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Sorry state of school buildings should raise alarm in reopening plans

Governor Baker claims that “the science” does not support starting school remotely next month (“Baker rejects virtual-class model for all in the fall,” Metro, Aug. 8). However, the dilapidated state of most of our schools does.

I work at and send my children to Boston Latin Academy. Our 90-year-old building has poor ventilation, worse climate control, inadequate bathroom facilities, crowded hallways, an outdated cafeteria, windows that don’t open, and small interior rooms. And my school is better than others. I wonder whether the high school in Swampscott, where the governor lives, suffers from decades of neglect as many of Boston’s schools do?


COVID-19 has laid bare the gross inequities of funding schools based on property taxes. Suburban districts thrive while urban and rural districts fall further and further behind.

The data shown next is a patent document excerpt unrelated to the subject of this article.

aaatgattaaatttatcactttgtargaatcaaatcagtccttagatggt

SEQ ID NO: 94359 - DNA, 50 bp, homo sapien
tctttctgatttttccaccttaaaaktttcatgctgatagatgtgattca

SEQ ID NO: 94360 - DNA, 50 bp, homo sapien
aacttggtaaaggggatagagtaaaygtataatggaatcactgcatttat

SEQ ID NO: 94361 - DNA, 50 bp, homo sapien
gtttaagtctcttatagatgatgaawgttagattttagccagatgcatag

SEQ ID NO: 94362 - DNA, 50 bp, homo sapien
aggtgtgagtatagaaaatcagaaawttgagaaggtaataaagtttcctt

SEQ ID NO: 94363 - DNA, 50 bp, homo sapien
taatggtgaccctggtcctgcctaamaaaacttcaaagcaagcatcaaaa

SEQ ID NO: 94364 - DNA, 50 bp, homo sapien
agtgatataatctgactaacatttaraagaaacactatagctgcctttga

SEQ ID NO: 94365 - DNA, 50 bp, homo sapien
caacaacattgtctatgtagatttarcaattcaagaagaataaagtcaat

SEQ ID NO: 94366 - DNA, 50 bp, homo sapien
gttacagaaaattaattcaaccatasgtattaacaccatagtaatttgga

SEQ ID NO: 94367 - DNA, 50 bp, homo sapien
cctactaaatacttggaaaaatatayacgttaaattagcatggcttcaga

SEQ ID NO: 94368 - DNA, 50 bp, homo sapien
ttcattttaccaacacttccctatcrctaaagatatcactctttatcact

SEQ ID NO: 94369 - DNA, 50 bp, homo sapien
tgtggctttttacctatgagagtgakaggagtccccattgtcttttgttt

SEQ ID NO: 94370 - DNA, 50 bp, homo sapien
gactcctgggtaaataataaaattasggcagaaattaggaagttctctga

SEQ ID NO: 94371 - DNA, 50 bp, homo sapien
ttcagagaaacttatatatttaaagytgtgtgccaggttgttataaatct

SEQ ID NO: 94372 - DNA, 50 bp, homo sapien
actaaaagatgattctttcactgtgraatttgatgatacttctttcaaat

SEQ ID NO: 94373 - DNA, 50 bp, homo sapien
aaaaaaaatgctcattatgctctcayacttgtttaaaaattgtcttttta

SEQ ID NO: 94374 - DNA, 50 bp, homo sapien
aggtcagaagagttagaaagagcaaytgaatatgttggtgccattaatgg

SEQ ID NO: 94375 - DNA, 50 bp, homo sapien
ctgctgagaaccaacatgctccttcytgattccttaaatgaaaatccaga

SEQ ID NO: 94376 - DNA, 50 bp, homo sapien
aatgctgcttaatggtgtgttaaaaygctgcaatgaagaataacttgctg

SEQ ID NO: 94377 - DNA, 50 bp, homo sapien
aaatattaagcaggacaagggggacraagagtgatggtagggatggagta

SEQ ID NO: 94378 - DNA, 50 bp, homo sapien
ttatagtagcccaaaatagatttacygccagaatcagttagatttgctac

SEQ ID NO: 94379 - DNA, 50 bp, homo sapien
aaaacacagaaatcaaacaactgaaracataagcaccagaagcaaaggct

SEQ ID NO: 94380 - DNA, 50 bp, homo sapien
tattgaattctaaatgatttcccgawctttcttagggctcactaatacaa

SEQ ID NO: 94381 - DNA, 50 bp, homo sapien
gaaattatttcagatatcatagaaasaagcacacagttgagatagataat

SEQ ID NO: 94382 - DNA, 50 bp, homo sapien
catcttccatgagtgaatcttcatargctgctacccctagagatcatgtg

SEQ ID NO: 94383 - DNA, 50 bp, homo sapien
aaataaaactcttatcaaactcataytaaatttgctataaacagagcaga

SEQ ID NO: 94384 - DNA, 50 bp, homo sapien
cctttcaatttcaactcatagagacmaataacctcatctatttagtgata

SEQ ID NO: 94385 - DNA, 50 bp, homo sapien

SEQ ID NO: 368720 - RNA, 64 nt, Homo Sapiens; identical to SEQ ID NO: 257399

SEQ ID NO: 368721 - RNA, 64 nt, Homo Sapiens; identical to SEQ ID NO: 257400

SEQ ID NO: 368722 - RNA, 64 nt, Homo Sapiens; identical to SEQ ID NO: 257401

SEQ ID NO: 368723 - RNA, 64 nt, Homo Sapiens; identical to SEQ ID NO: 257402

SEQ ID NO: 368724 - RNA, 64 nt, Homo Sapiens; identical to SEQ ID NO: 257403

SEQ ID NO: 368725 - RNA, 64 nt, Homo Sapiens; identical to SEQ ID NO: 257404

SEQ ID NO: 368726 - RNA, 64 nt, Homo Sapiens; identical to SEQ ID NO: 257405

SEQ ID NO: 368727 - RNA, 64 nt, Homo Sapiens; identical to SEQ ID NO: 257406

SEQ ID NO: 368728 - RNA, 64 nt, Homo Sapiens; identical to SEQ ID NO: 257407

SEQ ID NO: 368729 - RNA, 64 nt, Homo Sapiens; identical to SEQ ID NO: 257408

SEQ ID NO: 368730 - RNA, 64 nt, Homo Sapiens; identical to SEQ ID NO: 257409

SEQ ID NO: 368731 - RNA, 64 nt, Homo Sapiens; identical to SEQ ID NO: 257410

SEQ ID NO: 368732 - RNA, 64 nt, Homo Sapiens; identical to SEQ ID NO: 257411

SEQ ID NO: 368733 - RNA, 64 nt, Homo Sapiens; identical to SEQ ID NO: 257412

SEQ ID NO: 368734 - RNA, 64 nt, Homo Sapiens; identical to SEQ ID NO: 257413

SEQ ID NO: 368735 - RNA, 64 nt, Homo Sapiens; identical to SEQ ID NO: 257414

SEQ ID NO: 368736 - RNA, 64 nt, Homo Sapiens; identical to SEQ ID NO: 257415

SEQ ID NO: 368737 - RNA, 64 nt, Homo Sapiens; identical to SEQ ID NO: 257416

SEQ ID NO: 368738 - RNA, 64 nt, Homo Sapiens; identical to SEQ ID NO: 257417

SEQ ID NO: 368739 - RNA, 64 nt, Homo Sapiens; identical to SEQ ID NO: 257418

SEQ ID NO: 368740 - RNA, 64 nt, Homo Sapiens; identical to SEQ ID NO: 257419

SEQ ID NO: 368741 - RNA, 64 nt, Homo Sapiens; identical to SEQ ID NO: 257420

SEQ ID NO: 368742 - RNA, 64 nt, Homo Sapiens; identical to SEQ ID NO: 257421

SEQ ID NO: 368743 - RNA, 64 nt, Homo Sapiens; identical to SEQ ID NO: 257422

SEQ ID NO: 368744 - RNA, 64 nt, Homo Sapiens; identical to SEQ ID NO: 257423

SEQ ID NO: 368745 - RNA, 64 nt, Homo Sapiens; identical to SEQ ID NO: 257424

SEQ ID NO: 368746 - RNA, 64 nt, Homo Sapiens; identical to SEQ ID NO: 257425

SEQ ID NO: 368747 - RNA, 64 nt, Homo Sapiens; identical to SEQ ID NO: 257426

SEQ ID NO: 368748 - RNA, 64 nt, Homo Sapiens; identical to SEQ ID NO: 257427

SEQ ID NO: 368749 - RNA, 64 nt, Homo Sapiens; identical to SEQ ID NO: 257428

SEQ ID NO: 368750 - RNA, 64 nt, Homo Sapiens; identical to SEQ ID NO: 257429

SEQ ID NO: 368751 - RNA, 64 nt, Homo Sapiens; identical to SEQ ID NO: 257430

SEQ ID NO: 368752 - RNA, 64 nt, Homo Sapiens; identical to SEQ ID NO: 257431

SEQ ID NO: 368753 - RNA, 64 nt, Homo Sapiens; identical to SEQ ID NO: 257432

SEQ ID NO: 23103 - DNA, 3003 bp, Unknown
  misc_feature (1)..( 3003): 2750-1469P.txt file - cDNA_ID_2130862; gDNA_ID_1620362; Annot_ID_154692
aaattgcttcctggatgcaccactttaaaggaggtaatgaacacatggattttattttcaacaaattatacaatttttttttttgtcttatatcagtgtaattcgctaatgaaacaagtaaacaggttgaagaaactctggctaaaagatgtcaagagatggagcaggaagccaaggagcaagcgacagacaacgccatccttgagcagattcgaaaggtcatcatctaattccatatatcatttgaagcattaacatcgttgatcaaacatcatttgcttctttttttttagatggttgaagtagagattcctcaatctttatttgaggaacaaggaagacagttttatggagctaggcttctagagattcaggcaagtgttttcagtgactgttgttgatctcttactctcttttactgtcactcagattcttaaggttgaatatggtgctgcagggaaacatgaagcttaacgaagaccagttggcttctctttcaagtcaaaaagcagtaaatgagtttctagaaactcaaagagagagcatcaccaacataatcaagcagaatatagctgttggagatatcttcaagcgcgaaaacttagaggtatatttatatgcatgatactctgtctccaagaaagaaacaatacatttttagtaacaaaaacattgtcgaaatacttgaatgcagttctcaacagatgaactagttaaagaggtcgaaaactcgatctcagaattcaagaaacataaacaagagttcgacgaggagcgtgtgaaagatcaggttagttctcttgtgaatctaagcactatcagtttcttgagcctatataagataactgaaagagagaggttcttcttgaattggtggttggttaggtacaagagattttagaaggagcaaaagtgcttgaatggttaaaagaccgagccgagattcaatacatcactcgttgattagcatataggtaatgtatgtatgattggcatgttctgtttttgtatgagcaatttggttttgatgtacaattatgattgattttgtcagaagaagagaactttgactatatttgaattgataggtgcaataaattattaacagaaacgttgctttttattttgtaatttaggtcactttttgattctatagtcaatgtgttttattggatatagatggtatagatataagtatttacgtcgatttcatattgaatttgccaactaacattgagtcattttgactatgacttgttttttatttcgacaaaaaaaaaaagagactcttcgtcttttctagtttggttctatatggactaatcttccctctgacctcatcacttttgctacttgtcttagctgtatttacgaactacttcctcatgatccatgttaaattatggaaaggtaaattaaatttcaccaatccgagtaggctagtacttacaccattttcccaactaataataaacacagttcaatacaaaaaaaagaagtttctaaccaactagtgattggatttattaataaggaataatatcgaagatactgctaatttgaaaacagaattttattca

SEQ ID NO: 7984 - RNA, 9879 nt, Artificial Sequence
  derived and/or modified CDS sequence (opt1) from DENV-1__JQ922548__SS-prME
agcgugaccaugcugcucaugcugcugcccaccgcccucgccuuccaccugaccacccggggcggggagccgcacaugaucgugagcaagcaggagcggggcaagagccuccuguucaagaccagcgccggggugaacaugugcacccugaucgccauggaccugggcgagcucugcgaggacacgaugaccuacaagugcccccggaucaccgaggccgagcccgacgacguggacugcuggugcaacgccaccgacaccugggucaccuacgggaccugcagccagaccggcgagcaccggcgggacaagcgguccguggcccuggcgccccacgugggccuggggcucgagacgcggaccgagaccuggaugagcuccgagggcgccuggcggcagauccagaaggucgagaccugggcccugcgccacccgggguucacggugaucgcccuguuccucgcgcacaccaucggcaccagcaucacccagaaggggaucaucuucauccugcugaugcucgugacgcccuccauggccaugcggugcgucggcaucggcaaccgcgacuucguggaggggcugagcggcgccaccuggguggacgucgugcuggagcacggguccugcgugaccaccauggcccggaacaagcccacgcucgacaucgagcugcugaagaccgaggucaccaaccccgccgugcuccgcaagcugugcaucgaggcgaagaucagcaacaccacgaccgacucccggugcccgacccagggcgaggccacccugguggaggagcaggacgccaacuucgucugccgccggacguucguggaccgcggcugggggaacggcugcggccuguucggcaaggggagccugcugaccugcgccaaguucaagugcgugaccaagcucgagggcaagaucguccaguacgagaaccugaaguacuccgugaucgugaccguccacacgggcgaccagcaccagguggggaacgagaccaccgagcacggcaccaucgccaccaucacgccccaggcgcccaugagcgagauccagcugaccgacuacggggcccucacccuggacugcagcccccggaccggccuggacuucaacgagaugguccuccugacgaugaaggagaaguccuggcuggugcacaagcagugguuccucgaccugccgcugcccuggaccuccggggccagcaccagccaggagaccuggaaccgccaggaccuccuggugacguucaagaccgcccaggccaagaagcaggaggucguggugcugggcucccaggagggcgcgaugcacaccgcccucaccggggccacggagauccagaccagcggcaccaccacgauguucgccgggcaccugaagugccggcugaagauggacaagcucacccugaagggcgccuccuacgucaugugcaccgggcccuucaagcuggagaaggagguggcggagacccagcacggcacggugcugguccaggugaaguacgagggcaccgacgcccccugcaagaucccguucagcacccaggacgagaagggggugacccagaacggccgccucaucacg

Boston has the additional handicap of having half its property deemed tax exempt by the state. It is high time to have the multibillion-dollar nonprofits pay at least some of their property tax to Boston. Perhaps then we could get our school buildings, many of which were built at the time of the 1918 flu, up to snuff for this century’s pandemic.

Michael J. Maguire

West Roxbury

The writer teaches Latin at Boston Latin Academy and serves on the executive board of the Boston Teachers Union.